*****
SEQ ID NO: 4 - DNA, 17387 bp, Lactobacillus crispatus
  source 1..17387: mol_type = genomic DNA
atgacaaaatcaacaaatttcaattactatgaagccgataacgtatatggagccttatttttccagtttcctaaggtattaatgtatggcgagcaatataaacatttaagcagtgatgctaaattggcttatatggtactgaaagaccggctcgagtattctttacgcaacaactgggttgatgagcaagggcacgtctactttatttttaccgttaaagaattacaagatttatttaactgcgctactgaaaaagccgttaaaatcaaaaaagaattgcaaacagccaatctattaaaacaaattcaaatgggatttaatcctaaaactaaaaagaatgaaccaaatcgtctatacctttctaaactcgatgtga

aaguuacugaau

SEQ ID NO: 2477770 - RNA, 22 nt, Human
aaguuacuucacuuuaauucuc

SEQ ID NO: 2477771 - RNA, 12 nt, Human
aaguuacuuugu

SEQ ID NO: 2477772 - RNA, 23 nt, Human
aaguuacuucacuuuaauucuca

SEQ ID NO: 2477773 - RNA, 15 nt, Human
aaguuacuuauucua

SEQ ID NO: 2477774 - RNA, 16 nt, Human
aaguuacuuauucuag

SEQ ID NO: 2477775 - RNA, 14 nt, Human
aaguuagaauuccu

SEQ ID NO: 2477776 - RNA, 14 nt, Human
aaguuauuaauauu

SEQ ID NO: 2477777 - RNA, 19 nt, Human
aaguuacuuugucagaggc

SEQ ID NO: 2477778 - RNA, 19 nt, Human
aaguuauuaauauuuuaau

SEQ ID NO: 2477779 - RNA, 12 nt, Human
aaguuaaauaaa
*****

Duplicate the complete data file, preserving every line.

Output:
SEQ ID NO: 4 - DNA, 17387 bp, Lactobacillus crispatus
  source 1..17387: mol_type = genomic DNA
atgacaaaatcaacaaatttcaattactatgaagccgataacgtatatggagccttatttttccagtttcctaaggtattaatgtatggcgagcaatataaacatttaagcagtgatgctaaattggcttatatggtactgaaagaccggctcgagtattctttacgcaacaactgggttgatgagcaagggcacgtctactttatttttaccgttaaagaattacaagatttatttaactgcgctactgaaaaagccgttaaaatcaaaaaagaattgcaaacagccaatctattaaaacaaattcaaatgggatttaatcctaaaactaaaaagaatgaaccaaatcgtctatacctttctaaactcgatgtga

aaguuacugaau

SEQ ID NO: 2477770 - RNA, 22 nt, Human
aaguuacuucacuuuaauucuc

SEQ ID NO: 2477771 - RNA, 12 nt, Human
aaguuacuuugu

SEQ ID NO: 2477772 - RNA, 23 nt, Human
aaguuacuucacuuuaauucuca

SEQ ID NO: 2477773 - RNA, 15 nt, Human
aaguuacuuauucua

SEQ ID NO: 2477774 - RNA, 16 nt, Human
aaguuacuuauucuag

SEQ ID NO: 2477775 - RNA, 14 nt, Human
aaguuagaauuccu

SEQ ID NO: 2477776 - RNA, 14 nt, Human
aaguuauuaauauu

SEQ ID NO: 2477777 - RNA, 19 nt, Human
aaguuacuuugucagaggc

SEQ ID NO: 2477778 - RNA, 19 nt, Human
aaguuauuaauauuuuaau

SEQ ID NO: 2477779 - RNA, 12 nt, Human
aaguuaaauaaa